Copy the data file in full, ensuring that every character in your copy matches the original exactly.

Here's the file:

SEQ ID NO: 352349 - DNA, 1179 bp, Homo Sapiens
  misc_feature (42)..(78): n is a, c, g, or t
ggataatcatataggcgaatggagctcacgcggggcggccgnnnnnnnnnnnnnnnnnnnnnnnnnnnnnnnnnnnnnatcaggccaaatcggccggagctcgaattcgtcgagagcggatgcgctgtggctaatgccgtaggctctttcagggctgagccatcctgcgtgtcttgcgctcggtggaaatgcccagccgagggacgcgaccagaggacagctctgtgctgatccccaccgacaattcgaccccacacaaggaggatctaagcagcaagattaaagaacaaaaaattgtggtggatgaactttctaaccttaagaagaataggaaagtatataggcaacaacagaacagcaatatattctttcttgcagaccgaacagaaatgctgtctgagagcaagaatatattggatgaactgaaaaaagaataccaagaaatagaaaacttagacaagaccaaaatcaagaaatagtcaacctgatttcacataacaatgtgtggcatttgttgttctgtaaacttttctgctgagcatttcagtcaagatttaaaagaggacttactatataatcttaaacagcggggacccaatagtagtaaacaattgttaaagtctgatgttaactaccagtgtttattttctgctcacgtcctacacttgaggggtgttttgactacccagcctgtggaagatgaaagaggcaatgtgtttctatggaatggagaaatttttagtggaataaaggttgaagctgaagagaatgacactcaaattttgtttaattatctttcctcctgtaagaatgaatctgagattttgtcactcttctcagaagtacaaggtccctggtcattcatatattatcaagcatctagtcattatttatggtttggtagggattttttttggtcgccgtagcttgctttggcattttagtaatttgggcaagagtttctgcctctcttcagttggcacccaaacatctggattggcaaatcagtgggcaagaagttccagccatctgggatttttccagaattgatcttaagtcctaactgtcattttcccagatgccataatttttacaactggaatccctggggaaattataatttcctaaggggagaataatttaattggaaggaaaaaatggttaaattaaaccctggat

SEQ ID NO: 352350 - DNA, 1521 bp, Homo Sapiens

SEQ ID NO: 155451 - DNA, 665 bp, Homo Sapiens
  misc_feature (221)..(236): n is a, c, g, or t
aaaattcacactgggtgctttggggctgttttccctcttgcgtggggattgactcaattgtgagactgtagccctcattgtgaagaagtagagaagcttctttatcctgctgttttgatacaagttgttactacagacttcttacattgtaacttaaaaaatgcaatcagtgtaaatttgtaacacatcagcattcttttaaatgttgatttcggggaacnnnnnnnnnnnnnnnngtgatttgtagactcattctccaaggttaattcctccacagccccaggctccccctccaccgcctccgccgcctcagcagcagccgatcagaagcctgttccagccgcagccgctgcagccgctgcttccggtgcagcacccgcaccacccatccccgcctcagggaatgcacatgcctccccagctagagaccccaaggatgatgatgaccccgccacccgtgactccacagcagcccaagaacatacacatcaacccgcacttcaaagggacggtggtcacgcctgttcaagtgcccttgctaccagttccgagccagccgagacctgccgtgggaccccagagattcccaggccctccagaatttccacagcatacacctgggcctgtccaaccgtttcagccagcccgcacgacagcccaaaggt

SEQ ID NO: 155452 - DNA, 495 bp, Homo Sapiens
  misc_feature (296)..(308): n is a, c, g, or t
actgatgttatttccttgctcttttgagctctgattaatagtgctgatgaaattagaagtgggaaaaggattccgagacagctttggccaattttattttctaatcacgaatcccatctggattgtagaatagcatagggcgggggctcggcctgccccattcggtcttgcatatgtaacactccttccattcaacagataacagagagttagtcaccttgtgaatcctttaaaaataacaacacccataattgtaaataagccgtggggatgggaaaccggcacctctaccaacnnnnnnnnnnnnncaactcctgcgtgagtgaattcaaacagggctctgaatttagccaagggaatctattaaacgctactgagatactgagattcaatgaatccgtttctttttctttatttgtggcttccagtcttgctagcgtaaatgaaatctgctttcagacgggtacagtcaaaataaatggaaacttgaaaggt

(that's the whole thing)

SEQ ID NO: 352349 - DNA, 1179 bp, Homo Sapiens
  misc_feature (42)..(78): n is a, c, g, or t
ggataatcatataggcgaatggagctcacgcggggcggccgnnnnnnnnnnnnnnnnnnnnnnnnnnnnnnnnnnnnnatcaggccaaatcggccggagctcgaattcgtcgagagcggatgcgctgtggctaatgccgtaggctctttcagggctgagccatcctgcgtgtcttgcgctcggtggaaatgcccagccgagggacgcgaccagaggacagctctgtgctgatccccaccgacaattcgaccccacacaaggaggatctaagcagcaagattaaagaacaaaaaattgtggtggatgaactttctaaccttaagaagaataggaaagtatataggcaacaacagaacagcaatatattctttcttgcagaccgaacagaaatgctgtctgagagcaagaatatattggatgaactgaaaaaagaataccaagaaatagaaaacttagacaagaccaaaatcaagaaatagtcaacctgatttcacataacaatgtgtggcatttgttgttctgtaaacttttctgctgagcatttcagtcaagatttaaaagaggacttactatataatcttaaacagcggggacccaatagtagtaaacaattgttaaagtctgatgttaactaccagtgtttattttctgctcacgtcctacacttgaggggtgttttgactacccagcctgtggaagatgaaagaggcaatgtgtttctatggaatggagaaatttttagtggaataaaggttgaagctgaagagaatgacactcaaattttgtttaattatctttcctcctgtaagaatgaatctgagattttgtcactcttctcagaagtacaaggtccctggtcattcatatattatcaagcatctagtcattatttatggtttggtagggattttttttggtcgccgtagcttgctttggcattttagtaatttgggcaagagtttctgcctctcttcagttggcacccaaacatctggattggcaaatcagtgggcaagaagttccagccatctgggatttttccagaattgatcttaagtcctaactgtcattttcccagatgccataatttttacaactggaatccctggggaaattataatttcctaaggggagaataatttaattggaaggaaaaaatggttaaattaaaccctggat

SEQ ID NO: 352350 - DNA, 1521 bp, Homo Sapiens

SEQ ID NO: 155451 - DNA, 665 bp, Homo Sapiens
  misc_feature (221)..(236): n is a, c, g, or t
aaaattcacactgggtgctttggggctgttttccctcttgcgtggggattgactcaattgtgagactgtagccctcattgtgaagaagtagagaagcttctttatcctgctgttttgatacaagttgttactacagacttcttacattgtaacttaaaaaatgcaatcagtgtaaatttgtaacacatcagcattcttttaaatgttgatttcggggaacnnnnnnnnnnnnnnnngtgatttgtagactcattctccaaggttaattcctccacagccccaggctccccctccaccgcctccgccgcctcagcagcagccgatcagaagcctgttccagccgcagccgctgcagccgctgcttccggtgcagcacccgcaccacccatccccgcctcagggaatgcacatgcctccccagctagagaccccaaggatgatgatgaccccgccacccgtgactccacagcagcccaagaacatacacatcaacccgcacttcaaagggacggtggtcacgcctgttcaagtgcccttgctaccagttccgagccagccgagacctgccgtgggaccccagagattcccaggccctccagaatttccacagcatacacctgggcctgtccaaccgtttcagccagcccgcacgacagcccaaaggt

SEQ ID NO: 155452 - DNA, 495 bp, Homo Sapiens
  misc_feature (296)..(308): n is a, c, g, or t
actgatgttatttccttgctcttttgagctctgattaatagtgctgatgaaattagaagtgggaaaaggattccgagacagctttggccaattttattttctaatcacgaatcccatctggattgtagaatagcatagggcgggggctcggcctgccccattcggtcttgcatatgtaacactccttccattcaacagataacagagagttagtcaccttgtgaatcctttaaaaataacaacacccataattgtaaataagccgtggggatgggaaaccggcacctctaccaacnnnnnnnnnnnnncaactcctgcgtgagtgaattcaaacagggctctgaatttagccaagggaatctattaaacgctactgagatactgagattcaatgaatccgtttctttttctttatttgtggcttccagtcttgctagcgtaaatgaaatctgctttcagacgggtacagtcaaaataaatggaaacttgaaaggt